Bulk chemical and mineralogical compositions of the rock samples were analysed with standard X-ray fluorescence technologies (AXIOS, PANalytical) and an X-ray Diffractometer (X'PERT-PRO, PANalytical), respectively, at University of Tokyo. For the measurements of Mo and U abundance, we used ~100 mg of the rock powder. The powder samples were digested with HNO3, HClO4 and HF. After evaporation of acids to near dryness, the residues were dissolved in a HNO3 (2%) and HF (0.1%) solution. The Mo and U abundances in the solutions were measured with an inductive-coupled plasma mass spectrometer (7500ce; Agilent) at JAMSTEC.
TS analysis for the powder samples was conducted with a helium-gas continuous-flow isotope-ratio mass spectrometer (Isoprime-EA (Isoprime)) at University of Tsukuba. Sample weights for the TS analyses are ~3 mg. TS contents of the samples represent the mean values of four repeated measurements of the powder samples. Errors for the TS contents are obtained from one standard deviation of the repeated measurements.
For TOC and δ13Corg analyses, the powder samples were treated with 4 M hydrochloric acid for 2 days. Then, they were washed with distilled water several times to remove calcium salt and dried in an oven. Measurements for TOC contents and their carbon isotopic compositions were performed by an on-line system of Finnigan Delta Plus XP isotope-ratio mass spectrometry at JAMSTEC33,35. Total organic carbon content in the samples was determined by calibrated ion currents of m/z 44, 45, and 46 in isotope ratio mass spectrometry. Carbon isotopic compositions were expressed as conventional δ notation against V-PDB standard; δ13C=(13Rsample/13Rstandard−1)×1,000, where 13R is 13C/12C ratio.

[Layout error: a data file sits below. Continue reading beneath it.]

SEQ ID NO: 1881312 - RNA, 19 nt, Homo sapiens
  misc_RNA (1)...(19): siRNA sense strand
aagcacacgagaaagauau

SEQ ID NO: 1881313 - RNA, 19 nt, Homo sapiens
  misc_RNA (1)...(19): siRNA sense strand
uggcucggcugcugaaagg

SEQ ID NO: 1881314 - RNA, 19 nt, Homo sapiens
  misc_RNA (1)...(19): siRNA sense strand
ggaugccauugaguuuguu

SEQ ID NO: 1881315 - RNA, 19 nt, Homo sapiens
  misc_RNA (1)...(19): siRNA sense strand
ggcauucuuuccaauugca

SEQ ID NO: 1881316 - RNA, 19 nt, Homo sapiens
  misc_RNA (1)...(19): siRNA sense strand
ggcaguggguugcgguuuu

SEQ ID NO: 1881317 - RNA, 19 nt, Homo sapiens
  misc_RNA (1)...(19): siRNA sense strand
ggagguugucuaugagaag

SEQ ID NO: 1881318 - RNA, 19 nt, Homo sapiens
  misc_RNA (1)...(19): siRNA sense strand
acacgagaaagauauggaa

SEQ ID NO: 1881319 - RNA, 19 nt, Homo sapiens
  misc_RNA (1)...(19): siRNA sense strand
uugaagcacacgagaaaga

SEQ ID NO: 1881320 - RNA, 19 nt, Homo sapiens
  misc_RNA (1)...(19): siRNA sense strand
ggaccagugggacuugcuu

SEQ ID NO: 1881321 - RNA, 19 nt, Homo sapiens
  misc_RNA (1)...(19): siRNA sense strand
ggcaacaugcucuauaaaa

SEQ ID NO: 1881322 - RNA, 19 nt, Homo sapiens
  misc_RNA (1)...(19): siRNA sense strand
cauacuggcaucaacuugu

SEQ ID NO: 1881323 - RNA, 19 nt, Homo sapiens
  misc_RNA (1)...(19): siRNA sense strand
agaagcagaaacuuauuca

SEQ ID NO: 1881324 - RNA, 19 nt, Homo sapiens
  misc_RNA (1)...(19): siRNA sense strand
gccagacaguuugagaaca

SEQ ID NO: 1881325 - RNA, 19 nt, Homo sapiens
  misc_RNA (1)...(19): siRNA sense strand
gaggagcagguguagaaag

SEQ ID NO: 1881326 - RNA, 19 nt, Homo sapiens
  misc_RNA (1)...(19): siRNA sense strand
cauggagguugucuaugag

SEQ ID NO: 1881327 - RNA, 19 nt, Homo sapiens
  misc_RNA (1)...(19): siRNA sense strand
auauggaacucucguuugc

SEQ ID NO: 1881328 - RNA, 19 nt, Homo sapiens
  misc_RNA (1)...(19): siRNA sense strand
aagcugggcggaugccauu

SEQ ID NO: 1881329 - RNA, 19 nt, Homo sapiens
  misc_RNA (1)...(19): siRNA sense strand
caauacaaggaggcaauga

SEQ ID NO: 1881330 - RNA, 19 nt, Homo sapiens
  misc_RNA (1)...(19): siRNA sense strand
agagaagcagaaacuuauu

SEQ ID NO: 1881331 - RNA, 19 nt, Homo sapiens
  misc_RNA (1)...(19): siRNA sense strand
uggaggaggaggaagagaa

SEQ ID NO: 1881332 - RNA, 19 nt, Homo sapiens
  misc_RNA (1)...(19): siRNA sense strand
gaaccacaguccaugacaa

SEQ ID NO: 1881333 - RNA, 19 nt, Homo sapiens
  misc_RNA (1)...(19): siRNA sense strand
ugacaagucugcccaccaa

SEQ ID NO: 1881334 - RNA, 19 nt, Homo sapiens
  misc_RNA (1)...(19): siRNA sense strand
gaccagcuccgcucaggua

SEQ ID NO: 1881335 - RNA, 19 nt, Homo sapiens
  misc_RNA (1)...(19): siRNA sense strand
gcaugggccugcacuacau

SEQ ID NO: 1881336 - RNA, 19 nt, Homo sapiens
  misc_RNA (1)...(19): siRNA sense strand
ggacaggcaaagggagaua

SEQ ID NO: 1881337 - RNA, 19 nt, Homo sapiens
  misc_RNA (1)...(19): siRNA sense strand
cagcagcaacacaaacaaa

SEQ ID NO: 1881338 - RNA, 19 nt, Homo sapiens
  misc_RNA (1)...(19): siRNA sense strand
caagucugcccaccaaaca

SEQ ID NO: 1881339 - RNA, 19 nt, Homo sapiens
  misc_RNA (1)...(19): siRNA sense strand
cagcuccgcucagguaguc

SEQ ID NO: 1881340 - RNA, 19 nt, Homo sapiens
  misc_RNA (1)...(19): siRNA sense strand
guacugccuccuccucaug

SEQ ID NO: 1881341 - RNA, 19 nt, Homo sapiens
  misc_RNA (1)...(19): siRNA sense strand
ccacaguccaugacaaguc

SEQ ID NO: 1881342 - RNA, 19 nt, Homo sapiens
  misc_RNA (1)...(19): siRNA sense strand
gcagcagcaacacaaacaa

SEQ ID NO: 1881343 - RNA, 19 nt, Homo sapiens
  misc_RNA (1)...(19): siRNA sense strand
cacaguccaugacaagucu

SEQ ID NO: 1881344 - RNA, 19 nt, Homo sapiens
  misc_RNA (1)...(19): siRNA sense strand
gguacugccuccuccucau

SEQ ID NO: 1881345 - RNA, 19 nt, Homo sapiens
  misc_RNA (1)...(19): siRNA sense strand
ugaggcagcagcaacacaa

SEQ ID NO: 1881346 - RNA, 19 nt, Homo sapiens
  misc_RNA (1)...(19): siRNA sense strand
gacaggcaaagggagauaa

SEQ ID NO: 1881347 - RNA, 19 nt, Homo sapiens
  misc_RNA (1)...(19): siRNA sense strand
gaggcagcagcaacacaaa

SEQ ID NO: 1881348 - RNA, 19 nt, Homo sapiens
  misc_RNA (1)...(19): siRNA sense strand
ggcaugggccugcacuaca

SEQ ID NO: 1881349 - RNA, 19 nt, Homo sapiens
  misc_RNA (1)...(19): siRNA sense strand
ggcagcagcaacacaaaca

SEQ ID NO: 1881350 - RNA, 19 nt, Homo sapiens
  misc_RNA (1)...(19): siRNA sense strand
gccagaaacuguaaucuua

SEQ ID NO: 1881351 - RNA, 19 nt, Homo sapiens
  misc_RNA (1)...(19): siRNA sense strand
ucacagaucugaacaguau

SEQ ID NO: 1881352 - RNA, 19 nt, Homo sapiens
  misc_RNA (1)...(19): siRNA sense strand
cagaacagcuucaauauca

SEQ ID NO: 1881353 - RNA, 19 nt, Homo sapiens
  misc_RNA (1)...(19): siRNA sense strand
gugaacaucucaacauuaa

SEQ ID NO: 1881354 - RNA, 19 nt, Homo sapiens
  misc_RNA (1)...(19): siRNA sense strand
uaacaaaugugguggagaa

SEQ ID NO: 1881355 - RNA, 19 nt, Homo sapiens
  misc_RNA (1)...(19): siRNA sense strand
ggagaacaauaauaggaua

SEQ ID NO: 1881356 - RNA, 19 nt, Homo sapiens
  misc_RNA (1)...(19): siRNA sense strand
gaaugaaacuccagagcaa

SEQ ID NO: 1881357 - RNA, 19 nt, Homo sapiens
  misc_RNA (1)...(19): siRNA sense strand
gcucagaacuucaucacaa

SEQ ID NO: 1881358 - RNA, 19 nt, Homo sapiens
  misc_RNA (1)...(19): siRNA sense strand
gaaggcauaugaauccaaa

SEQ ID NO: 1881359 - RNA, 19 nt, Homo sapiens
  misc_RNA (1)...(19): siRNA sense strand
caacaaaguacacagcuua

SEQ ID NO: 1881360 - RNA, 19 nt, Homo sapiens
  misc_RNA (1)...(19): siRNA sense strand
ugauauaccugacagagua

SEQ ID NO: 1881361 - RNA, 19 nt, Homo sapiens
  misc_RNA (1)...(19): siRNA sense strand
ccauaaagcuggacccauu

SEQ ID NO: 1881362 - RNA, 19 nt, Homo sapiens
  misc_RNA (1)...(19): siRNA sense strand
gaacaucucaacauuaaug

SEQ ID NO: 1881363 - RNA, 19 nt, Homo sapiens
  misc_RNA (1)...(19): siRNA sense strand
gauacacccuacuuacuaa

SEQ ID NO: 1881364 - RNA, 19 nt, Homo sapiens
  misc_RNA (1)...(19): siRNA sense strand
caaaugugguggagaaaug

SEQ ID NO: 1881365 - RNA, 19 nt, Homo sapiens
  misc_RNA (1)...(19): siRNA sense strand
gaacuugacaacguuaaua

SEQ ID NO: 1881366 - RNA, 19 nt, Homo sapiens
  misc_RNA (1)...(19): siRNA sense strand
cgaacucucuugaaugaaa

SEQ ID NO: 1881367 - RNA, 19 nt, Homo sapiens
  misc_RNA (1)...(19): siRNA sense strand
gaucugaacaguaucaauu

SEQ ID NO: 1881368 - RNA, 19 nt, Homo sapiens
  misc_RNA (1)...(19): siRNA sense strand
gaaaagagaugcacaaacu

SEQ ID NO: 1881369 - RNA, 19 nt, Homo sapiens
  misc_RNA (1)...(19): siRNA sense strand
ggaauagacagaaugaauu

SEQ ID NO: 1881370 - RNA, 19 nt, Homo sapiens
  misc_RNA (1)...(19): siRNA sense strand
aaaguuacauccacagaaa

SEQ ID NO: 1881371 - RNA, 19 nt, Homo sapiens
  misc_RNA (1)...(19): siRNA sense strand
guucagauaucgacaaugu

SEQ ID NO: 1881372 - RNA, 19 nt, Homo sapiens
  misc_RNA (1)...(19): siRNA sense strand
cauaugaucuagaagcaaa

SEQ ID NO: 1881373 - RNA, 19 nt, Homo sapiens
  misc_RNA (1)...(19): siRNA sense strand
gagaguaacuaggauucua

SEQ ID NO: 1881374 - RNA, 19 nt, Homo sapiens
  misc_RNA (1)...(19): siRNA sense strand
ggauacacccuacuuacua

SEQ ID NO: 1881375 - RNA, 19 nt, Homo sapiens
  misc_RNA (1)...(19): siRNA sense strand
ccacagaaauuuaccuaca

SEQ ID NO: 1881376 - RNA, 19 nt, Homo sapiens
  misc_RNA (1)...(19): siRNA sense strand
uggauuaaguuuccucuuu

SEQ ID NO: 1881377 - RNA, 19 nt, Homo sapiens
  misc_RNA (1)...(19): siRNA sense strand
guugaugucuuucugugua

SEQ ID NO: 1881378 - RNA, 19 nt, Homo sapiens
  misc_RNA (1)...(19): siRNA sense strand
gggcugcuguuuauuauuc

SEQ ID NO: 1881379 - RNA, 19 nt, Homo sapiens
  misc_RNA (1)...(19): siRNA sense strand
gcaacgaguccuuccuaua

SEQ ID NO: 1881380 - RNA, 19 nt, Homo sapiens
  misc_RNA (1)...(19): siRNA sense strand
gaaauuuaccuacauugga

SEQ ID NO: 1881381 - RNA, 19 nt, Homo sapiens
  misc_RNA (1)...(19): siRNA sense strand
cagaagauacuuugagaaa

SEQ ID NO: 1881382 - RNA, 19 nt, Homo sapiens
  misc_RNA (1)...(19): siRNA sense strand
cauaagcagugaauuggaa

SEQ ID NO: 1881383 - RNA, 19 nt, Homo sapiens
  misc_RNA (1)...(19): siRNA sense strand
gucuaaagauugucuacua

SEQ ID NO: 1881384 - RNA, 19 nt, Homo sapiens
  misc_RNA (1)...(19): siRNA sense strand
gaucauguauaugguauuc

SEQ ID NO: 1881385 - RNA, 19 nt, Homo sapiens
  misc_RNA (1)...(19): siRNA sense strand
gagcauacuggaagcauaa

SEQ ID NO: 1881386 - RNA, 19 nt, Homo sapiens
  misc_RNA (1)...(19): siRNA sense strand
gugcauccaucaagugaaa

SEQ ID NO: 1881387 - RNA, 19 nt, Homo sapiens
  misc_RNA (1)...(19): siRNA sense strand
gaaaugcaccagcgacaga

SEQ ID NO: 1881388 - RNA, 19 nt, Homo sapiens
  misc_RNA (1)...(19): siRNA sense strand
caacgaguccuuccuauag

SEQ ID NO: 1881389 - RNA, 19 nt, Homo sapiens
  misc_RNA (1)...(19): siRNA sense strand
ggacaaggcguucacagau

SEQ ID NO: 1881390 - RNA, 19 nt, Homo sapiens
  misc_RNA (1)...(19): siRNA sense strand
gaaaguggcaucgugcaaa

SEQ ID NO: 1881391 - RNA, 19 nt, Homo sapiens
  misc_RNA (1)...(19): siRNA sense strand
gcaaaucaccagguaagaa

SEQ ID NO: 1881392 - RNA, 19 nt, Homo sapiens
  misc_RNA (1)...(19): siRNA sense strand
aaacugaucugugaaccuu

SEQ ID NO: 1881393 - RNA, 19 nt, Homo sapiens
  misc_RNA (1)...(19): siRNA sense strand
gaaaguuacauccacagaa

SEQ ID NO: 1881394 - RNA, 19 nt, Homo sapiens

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Y. S. thanks J. Kuroda, T. Nozaki, Y. Kato and J. L. Kirschvink for fruitful discussions, and S. Kimura, M. Hailstone and A. Pace for helping to collect rock samples. This study was partly supported by Grant in Aid from Japan Society for the Promotion of Science (No. 14403004, No. 18340128, & No. 18684032), the 21st century COE Program at Department of Earth and Planetary Science of University of Tokyo, and the Mitsubishi foundation.
The authors declare no competing financial interests.
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Sekine, Y., Suzuki, K., Senda, R. et al. Osmium evidence for synchronicity between a rise in atmospheric oxygen and Palaeoproterozoic deglaciation. Nat Commun 2, 502 (2011). https://doi.org/10.1038/ncomms1507